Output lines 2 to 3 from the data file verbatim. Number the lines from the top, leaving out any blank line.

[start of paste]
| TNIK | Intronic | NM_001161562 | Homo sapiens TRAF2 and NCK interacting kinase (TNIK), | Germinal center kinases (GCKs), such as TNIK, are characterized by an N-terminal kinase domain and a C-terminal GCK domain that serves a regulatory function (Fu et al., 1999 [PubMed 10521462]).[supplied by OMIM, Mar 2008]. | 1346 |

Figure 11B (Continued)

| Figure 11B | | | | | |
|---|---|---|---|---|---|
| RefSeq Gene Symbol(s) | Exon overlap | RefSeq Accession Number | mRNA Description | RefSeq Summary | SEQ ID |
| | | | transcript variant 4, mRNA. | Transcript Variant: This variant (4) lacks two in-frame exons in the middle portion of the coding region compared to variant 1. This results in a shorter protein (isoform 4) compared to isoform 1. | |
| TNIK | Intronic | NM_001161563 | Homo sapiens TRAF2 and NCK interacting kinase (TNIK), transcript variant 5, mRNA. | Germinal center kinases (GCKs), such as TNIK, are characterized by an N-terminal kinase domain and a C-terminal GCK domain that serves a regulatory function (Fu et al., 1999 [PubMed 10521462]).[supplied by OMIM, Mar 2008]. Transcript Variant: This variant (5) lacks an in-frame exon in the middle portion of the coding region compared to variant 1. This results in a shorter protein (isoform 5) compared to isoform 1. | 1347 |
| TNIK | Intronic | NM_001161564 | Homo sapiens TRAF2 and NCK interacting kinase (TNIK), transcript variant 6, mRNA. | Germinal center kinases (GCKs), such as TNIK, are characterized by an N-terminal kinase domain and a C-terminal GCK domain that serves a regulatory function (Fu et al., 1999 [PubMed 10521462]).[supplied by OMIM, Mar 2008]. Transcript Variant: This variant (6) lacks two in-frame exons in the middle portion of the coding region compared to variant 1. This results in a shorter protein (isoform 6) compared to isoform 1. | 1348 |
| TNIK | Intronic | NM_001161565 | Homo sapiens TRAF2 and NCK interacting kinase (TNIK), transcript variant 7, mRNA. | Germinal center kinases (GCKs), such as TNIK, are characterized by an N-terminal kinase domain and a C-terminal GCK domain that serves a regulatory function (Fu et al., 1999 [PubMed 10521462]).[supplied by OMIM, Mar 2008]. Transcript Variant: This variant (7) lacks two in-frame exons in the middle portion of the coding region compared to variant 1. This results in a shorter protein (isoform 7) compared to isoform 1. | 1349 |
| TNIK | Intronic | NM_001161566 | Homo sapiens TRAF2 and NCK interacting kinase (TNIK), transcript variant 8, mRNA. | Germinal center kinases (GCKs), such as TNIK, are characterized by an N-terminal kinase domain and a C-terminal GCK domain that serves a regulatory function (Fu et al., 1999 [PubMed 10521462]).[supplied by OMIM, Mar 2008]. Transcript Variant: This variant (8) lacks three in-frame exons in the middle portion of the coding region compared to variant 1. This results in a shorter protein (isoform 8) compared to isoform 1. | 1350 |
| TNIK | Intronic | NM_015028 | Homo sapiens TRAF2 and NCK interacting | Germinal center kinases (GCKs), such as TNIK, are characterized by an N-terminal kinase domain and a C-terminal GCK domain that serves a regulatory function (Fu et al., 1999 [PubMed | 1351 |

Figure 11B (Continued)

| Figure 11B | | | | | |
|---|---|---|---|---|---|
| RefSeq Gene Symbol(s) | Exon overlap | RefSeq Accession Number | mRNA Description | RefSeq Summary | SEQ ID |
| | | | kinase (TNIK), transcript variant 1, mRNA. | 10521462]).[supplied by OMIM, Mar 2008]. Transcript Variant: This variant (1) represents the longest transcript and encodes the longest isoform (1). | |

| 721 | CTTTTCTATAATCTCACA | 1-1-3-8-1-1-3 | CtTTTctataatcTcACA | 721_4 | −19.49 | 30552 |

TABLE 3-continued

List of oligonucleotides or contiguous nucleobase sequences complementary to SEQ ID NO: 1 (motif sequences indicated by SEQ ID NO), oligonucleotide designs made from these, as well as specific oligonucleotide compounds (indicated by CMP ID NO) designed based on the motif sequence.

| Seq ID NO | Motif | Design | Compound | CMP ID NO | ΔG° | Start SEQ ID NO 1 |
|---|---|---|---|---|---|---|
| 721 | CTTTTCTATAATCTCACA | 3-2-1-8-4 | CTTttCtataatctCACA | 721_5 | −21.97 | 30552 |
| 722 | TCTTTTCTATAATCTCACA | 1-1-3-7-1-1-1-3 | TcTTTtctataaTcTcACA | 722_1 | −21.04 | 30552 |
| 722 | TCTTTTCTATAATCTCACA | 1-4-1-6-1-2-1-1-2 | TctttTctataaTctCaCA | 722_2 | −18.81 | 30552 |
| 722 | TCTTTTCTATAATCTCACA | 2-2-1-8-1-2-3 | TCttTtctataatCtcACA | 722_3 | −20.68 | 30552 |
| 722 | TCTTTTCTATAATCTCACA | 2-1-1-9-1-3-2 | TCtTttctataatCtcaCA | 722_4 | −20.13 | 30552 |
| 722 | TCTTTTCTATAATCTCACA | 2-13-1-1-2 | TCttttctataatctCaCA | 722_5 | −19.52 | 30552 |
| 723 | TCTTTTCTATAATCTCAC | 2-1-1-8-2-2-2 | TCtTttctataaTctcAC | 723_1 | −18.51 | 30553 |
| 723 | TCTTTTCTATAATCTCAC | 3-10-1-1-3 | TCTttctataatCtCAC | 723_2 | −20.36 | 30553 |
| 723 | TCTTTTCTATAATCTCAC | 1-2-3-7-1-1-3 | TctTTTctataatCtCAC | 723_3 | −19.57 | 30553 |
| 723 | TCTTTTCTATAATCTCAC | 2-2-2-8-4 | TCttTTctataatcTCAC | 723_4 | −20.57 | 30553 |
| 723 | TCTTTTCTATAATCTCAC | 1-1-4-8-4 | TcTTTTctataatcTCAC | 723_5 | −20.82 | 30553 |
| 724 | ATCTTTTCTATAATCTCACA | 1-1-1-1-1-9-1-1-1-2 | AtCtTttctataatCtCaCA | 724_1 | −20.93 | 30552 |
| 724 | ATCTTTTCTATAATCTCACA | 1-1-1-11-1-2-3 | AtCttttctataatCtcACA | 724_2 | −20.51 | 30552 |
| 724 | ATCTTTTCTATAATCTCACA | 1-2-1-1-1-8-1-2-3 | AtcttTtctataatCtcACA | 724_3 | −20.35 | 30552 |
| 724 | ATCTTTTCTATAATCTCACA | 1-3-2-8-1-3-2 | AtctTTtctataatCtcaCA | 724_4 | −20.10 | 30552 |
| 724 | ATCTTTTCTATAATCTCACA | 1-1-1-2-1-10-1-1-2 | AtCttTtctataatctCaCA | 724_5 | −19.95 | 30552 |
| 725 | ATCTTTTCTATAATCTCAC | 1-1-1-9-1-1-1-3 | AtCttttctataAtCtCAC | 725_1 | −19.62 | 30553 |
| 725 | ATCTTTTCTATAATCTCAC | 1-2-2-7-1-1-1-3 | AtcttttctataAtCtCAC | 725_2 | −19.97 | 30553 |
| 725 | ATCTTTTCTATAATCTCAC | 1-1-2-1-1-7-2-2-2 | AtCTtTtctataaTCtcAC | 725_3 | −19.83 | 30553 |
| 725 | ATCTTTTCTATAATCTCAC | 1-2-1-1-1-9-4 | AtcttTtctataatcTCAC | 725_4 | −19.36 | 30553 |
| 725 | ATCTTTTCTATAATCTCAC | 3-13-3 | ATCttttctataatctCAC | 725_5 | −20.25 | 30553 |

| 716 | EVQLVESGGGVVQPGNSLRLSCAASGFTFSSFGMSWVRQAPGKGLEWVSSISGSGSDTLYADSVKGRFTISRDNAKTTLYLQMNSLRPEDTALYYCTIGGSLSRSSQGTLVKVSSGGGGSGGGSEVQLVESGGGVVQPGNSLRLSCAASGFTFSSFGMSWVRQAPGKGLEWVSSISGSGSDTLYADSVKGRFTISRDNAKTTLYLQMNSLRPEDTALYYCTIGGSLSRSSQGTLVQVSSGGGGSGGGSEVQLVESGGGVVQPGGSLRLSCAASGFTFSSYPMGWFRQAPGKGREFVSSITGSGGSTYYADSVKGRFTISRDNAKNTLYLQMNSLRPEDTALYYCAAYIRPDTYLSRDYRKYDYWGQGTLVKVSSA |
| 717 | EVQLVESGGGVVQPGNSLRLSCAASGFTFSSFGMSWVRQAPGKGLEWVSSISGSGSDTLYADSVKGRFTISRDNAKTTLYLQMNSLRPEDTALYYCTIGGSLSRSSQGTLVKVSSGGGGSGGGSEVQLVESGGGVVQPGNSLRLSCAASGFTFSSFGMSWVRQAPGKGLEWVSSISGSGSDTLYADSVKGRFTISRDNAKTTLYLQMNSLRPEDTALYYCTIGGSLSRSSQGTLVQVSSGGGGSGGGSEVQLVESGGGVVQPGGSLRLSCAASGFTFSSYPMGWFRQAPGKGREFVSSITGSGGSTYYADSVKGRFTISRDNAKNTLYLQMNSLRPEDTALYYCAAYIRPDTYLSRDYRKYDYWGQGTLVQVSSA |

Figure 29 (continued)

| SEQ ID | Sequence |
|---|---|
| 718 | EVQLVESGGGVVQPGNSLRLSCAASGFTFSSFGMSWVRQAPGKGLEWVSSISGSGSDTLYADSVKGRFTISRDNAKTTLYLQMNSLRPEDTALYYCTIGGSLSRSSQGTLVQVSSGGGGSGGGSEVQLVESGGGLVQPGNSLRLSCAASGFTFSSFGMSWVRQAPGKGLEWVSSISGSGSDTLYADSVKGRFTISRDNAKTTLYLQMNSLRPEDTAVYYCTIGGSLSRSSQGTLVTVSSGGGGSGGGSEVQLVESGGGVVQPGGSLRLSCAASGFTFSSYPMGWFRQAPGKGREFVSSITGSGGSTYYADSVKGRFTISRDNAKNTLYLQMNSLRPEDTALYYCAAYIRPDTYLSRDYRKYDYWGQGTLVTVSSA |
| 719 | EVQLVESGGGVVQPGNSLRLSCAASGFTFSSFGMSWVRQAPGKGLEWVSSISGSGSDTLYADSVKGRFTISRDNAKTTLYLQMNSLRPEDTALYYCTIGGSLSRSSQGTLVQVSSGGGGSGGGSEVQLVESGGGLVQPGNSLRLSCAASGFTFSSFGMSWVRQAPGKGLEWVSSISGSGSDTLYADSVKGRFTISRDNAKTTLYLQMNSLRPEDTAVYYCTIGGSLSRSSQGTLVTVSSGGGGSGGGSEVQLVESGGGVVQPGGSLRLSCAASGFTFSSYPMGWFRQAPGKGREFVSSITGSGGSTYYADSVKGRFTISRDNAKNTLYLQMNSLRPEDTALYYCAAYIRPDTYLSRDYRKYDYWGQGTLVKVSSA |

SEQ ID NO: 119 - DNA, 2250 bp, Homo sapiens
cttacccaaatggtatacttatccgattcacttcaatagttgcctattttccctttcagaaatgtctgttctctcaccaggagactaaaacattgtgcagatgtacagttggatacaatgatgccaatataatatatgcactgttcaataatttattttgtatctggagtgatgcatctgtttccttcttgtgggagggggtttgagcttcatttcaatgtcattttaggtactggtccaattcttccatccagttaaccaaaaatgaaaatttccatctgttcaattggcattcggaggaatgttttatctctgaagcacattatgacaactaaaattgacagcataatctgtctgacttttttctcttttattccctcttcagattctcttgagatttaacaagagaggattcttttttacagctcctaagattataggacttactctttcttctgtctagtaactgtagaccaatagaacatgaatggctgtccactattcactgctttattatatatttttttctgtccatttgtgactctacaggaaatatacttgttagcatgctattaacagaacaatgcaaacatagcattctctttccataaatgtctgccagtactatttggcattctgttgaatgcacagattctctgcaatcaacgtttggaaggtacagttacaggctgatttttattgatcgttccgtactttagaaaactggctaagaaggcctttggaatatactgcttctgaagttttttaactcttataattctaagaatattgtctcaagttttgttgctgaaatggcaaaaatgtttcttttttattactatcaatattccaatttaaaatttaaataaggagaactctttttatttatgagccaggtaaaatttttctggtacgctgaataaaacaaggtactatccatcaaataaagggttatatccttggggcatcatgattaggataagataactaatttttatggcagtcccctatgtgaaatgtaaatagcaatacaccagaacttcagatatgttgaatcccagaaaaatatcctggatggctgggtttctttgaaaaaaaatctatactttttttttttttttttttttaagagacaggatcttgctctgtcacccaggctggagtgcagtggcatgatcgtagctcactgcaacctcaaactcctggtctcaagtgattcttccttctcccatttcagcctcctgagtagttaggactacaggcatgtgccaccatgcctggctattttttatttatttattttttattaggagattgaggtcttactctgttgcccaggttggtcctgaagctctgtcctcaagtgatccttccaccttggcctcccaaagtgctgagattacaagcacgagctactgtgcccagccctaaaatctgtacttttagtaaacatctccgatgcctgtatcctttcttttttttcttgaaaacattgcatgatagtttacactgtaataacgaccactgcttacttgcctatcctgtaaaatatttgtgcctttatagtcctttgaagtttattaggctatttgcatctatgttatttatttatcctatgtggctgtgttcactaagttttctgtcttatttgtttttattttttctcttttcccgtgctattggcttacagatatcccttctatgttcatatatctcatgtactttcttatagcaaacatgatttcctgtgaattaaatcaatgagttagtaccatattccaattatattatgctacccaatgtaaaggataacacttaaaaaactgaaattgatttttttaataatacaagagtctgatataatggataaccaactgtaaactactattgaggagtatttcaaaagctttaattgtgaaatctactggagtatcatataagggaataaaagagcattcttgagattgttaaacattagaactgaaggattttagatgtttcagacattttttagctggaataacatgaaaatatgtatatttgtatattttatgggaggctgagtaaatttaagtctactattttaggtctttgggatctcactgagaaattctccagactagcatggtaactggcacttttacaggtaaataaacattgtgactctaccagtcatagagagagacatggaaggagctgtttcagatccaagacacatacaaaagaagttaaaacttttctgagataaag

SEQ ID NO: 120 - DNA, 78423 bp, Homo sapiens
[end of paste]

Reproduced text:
Figure 11B (Continued)

| Figure 11B | | | | | |